That anyone who had ever met Chris could believe any of it struck Mark as more proof of how easily manipulated humans were.

Eric returned with a tray bearing teapot, cups, and other necessities, and the pair settled themselves to the puzzle of how a lamia could learn to play chess effectively.

Eric, Mark decided with a sigh that he kept to himself, had far more patience than he would have had, were their positions reversed.

Sid raced excitedly into the room, and skidded to a halt to grab a toy mouse in the middle of the floor. Well, his front end stopped; his back end flipped tail-over-head without his grasp on the mouse loosening at all. He kicked enthusiastically at it, and rolled to a crouch with his tail lashing wildly.

Christian stopped to crouch and peek at Sid around the corner of the doorway, to Sid's utter delight; the cat streaked off again, and Christian ran after him, narrowly missing Eric. The blond swore as he jerked instinctively away; the tea sloshed in the half-full cup he'd just picked up, and quite a lot of it ended up all over his blue sweatshirt.

“Chris!” Eric peeled off his drenched sweatshirt and glowered at the witch. “You're damned lucky that tea was from an hour ago and wasn't hot. I may still have to kill you if this stains.”

“Sorry,” Christian said contritely. “I'll get the stains out for you. Sid really wanted to play, and I'm done in the basement.”

“What were you doing?”

“We had the extramundane equivalent of termites. Or one big termite, anyway. It was very slowly munching its way in through the shields, and incidentally through the foundations. I killed it no problem, most of the work was fixing the damage. The domovikha was some pissed off at it for having the gall to try to get into her house.” He collected a handful of Sid's toy mice, and sat down to toss them in the air, laughing over Sid's physics-defying acrobatics as he leapt for them. “All taken care of.”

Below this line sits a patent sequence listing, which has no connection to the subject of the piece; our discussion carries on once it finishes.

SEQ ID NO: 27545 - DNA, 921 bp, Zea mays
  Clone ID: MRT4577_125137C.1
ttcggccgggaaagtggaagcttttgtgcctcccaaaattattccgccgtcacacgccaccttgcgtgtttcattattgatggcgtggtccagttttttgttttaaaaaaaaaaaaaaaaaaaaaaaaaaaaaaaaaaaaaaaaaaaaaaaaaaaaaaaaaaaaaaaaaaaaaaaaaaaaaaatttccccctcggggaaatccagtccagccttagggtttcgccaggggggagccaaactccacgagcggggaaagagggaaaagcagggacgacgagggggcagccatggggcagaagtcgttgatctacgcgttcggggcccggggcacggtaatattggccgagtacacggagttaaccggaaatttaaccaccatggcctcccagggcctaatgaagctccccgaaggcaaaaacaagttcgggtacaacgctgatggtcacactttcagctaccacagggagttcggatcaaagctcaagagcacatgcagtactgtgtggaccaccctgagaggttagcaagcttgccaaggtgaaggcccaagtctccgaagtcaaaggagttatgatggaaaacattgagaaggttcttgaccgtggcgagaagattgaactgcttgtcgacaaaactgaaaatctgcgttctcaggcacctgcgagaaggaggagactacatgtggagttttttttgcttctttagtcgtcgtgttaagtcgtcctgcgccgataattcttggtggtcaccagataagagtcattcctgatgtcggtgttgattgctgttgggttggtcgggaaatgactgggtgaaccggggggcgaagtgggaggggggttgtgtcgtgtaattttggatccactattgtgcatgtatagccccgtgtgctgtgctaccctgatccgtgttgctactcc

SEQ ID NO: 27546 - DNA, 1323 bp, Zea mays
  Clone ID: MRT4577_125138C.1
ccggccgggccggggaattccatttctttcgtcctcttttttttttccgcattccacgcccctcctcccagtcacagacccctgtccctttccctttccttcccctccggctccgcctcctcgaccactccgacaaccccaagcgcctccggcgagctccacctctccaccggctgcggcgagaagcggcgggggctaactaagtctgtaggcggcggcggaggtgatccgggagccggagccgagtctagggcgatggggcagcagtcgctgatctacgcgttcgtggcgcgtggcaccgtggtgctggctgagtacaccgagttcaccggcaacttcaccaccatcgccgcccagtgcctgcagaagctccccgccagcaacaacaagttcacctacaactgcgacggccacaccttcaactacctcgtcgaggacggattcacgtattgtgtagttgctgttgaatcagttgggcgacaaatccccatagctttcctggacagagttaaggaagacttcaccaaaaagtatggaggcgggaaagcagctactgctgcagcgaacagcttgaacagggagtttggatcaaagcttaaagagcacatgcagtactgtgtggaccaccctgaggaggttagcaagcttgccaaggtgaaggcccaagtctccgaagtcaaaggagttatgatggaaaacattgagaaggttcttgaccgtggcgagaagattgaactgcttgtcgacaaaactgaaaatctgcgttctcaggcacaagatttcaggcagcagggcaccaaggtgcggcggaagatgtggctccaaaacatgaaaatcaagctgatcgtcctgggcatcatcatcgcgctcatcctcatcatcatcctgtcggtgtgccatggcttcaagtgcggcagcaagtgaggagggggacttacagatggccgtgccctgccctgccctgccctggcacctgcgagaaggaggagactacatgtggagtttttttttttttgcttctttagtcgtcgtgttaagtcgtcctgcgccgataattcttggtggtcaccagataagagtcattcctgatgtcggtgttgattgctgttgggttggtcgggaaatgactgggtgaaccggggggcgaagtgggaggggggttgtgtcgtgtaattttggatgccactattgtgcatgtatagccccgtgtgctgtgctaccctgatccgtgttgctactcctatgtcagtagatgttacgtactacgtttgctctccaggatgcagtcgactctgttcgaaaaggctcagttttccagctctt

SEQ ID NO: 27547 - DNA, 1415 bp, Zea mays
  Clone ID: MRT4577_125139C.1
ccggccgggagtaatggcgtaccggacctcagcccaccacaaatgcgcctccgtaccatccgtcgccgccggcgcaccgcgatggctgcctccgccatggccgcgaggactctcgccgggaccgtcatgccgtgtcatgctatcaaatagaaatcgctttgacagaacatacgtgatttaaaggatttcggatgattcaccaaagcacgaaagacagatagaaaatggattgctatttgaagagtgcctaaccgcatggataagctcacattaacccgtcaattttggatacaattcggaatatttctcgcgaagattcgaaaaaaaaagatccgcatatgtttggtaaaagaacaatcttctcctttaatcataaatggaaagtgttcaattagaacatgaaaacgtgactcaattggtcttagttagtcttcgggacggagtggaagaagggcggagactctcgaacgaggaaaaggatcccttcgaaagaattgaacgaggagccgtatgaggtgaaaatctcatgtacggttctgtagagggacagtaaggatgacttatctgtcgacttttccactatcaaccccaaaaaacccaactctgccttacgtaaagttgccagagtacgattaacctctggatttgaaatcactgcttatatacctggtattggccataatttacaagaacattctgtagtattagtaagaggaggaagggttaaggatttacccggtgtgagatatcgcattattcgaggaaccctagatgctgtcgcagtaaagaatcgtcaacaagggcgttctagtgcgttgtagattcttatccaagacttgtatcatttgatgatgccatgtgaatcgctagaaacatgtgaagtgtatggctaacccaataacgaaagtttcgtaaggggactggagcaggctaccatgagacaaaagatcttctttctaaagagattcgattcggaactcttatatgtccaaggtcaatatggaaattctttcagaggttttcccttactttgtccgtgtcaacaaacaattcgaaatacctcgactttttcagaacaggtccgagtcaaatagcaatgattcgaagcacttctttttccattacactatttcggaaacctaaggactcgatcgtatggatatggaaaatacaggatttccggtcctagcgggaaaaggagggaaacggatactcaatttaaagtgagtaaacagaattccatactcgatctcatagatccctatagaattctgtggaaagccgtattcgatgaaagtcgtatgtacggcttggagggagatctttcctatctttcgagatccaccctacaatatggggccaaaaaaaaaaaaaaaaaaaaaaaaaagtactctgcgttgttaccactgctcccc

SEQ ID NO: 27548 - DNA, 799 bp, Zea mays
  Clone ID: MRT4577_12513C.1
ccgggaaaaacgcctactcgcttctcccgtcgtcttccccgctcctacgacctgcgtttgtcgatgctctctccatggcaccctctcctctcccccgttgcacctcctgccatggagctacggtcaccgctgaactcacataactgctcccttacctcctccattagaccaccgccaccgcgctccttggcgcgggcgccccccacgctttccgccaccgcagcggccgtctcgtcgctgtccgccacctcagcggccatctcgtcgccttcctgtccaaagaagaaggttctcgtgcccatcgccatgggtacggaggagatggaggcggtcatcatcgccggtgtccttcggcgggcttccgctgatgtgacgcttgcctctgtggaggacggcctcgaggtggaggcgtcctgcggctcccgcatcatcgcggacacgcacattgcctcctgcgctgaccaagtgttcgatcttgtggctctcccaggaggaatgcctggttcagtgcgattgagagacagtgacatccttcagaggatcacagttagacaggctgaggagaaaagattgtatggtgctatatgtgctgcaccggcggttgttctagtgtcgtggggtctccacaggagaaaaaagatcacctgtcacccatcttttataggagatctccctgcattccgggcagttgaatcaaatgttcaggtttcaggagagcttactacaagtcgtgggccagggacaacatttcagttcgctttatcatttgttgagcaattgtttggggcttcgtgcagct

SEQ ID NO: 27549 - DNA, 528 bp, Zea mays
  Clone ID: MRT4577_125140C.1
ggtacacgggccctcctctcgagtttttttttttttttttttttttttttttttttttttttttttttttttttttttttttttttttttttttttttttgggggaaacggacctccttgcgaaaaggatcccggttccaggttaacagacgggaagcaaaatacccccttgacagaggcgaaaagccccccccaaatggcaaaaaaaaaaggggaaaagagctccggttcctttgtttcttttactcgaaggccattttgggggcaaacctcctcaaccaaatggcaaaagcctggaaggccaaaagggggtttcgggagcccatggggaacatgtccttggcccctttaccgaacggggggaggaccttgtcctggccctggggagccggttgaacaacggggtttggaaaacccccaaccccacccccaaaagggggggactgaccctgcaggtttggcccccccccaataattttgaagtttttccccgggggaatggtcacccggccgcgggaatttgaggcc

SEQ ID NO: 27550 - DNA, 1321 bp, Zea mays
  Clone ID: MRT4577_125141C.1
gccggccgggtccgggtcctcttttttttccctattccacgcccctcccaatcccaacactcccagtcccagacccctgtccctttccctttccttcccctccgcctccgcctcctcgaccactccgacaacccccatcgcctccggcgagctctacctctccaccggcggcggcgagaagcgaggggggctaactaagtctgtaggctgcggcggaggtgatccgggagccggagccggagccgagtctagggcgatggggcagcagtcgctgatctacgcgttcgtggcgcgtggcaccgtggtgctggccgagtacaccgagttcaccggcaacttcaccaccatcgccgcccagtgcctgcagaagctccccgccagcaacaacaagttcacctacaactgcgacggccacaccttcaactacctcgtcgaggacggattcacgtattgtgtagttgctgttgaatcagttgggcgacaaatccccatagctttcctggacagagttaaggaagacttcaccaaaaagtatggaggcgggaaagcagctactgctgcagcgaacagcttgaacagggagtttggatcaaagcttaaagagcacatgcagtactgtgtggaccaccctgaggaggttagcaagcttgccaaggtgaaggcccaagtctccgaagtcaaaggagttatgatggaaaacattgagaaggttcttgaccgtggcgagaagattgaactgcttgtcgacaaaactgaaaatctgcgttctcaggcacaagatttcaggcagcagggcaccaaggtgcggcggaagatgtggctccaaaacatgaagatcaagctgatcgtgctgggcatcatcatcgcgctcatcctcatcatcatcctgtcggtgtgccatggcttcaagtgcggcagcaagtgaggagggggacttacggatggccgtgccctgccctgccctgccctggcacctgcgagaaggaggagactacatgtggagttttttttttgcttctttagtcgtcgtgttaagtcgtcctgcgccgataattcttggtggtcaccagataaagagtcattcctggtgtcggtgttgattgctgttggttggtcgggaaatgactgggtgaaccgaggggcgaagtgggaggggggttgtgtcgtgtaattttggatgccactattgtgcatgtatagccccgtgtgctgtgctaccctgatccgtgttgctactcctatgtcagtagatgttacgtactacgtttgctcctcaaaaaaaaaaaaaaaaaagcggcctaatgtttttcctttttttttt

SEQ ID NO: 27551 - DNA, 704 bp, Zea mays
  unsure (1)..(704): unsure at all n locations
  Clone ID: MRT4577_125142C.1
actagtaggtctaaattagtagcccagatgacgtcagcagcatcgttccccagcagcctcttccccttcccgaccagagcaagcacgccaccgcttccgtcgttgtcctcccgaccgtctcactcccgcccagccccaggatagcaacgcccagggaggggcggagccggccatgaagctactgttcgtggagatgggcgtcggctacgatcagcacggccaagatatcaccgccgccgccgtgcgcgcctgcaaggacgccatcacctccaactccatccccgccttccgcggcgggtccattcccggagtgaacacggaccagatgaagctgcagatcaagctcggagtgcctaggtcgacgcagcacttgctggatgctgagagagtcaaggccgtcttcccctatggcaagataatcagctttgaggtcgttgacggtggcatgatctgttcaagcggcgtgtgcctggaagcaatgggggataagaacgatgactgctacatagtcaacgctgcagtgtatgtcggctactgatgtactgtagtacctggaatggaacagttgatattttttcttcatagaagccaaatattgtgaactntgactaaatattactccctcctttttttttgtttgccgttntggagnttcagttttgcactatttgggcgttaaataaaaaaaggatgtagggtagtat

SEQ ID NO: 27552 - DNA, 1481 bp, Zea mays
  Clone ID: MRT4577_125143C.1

Well, it didn't sound like it was much of a problem, but Mark couldn't help wondering whether it had really been random chance. A hole through foundations and shields would probably make at least some of the Fellowship extremely happy. There was no way to find out for sure, though, he'd simply have to stay alert.

Mark stretched, and glanced at the plate to see if there were any cookies left—there weren't. “Maybe we should start thinking about supper?”

“I'll make that honey-garlic pork stir-fry you like so much, if you'll come help me chop vegetables,” Eric offered.

“You were going to anyway,” Mark laughed. “I saw the pork in the fridge soaking.”


“Whatever. I'll help anyway, though.”

“Me too,” Christian said, and they all migrated in the direction of the kitchen, Sid included. “So. How was your chess game?”

“I suck at chess,” Mark growled.

“You're doing better,” Eric said, from the fridge. “I didn't get it overnight when Jade taught me, either.”

As usual, at any mention of Jade, Christian gave Eric that slightly unfocused look that meant he was checking for any drain on his life-energy.

“I'll start the pork,” Eric added, depositing an armload of vegetables on the counter. “Start chopping.”

Christian saluted playfully, and collected two knives and both the large and small cutting boards.

“I think I found a really cool book,” Christian said conversationally. “It's all about how to create amulets. There seems to be a definite trick to being able to push a particular action into a static object, backed with enough power for it to function without being fed or being tied to a stream. If I look at it from the perspective of what my grandmother used to do, working magic into afghans and sweaters and things, it actually makes some sense.”